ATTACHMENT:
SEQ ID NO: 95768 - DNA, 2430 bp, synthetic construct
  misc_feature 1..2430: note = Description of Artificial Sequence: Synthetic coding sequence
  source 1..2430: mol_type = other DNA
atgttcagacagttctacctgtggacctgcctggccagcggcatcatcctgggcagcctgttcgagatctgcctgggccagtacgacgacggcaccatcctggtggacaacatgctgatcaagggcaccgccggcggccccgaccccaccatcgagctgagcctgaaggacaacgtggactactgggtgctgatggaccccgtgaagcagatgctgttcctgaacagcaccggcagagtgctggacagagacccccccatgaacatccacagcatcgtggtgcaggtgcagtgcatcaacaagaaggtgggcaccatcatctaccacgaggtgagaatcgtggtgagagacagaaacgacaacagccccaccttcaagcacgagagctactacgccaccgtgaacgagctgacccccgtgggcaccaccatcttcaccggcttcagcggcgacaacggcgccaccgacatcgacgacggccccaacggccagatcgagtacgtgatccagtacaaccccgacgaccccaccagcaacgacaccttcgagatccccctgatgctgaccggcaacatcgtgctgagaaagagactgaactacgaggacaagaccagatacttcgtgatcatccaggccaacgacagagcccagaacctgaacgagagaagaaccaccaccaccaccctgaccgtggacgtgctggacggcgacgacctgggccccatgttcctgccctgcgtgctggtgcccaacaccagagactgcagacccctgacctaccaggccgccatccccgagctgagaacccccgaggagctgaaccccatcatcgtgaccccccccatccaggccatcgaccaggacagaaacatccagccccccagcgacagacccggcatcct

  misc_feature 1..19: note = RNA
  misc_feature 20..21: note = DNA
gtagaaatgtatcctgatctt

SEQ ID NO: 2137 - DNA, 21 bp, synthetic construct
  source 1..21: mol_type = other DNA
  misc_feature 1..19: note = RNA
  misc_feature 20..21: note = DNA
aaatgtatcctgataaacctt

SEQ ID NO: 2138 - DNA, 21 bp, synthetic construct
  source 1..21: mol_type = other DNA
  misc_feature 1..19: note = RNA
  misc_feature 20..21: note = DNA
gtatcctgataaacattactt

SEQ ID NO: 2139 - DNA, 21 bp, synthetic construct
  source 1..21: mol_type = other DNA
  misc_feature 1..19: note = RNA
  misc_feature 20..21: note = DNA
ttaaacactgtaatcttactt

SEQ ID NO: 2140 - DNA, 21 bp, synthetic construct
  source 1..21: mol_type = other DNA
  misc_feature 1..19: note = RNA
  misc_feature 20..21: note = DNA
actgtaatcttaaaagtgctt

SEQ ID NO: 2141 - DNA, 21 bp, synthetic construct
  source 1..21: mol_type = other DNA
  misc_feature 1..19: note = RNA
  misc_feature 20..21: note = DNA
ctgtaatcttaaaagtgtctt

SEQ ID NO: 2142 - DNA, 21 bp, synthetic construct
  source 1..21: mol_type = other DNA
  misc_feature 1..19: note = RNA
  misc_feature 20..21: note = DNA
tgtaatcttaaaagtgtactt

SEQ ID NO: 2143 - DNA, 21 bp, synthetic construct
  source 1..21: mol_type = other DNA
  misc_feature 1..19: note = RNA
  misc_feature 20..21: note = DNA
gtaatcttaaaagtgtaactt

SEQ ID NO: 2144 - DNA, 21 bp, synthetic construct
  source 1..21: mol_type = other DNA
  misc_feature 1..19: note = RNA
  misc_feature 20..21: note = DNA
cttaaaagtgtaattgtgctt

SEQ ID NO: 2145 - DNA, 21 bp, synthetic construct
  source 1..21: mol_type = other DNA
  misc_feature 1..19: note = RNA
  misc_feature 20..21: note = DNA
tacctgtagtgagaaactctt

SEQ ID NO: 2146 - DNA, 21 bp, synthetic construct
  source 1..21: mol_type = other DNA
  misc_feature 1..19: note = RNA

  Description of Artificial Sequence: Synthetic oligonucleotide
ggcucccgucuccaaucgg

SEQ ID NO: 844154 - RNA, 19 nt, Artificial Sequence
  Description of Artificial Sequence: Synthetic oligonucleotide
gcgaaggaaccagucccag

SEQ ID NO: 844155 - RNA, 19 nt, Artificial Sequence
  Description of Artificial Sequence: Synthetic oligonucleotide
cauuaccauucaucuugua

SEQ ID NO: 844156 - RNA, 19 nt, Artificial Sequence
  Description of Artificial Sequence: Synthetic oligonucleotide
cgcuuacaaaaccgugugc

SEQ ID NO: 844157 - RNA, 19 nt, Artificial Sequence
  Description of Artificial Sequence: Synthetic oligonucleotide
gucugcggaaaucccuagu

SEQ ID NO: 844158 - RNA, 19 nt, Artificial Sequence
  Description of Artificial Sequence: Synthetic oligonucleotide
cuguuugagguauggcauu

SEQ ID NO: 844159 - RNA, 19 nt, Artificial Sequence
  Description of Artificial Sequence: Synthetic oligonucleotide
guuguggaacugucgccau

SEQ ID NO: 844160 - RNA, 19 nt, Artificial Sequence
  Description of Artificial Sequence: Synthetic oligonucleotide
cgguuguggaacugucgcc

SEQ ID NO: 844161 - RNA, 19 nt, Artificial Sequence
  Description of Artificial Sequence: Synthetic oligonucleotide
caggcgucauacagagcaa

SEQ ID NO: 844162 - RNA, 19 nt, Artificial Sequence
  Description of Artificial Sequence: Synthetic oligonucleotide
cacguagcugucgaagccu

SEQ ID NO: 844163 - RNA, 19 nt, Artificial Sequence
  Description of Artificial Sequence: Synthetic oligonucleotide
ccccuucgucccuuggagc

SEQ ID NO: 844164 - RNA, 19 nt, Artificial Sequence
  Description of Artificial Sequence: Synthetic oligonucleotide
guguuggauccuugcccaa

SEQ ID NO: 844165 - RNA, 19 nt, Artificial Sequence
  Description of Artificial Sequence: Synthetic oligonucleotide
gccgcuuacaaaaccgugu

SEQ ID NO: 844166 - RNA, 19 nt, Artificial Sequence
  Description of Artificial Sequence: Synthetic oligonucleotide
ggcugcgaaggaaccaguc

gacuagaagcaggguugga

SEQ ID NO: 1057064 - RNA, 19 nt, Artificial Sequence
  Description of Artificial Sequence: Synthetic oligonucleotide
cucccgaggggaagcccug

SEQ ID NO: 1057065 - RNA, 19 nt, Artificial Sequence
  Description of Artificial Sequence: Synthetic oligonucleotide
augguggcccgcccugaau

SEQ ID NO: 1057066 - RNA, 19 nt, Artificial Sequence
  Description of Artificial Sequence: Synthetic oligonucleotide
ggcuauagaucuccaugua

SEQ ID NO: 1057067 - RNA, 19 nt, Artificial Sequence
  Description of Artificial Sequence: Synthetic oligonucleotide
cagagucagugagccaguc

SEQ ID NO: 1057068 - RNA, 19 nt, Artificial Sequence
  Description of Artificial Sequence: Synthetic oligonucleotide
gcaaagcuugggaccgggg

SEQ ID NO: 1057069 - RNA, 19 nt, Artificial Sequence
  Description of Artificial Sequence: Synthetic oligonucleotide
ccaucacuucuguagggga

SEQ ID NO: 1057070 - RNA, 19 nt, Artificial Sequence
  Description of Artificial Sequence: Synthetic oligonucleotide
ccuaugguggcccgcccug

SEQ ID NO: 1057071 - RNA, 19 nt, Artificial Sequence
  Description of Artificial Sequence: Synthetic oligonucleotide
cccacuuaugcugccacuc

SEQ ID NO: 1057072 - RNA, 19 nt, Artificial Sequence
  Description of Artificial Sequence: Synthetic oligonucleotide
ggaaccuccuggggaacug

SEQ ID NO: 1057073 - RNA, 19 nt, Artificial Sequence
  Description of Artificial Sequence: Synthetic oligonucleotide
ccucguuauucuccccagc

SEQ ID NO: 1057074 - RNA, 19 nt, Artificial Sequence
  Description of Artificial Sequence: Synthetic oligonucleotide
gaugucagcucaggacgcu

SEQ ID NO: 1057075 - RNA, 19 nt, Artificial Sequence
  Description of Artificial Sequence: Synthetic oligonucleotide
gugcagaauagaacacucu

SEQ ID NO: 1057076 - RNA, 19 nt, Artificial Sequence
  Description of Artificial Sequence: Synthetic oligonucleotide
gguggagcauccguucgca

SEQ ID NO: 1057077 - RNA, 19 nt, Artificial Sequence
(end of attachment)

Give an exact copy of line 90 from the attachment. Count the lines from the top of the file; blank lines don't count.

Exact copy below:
guguuggauccuugcccaa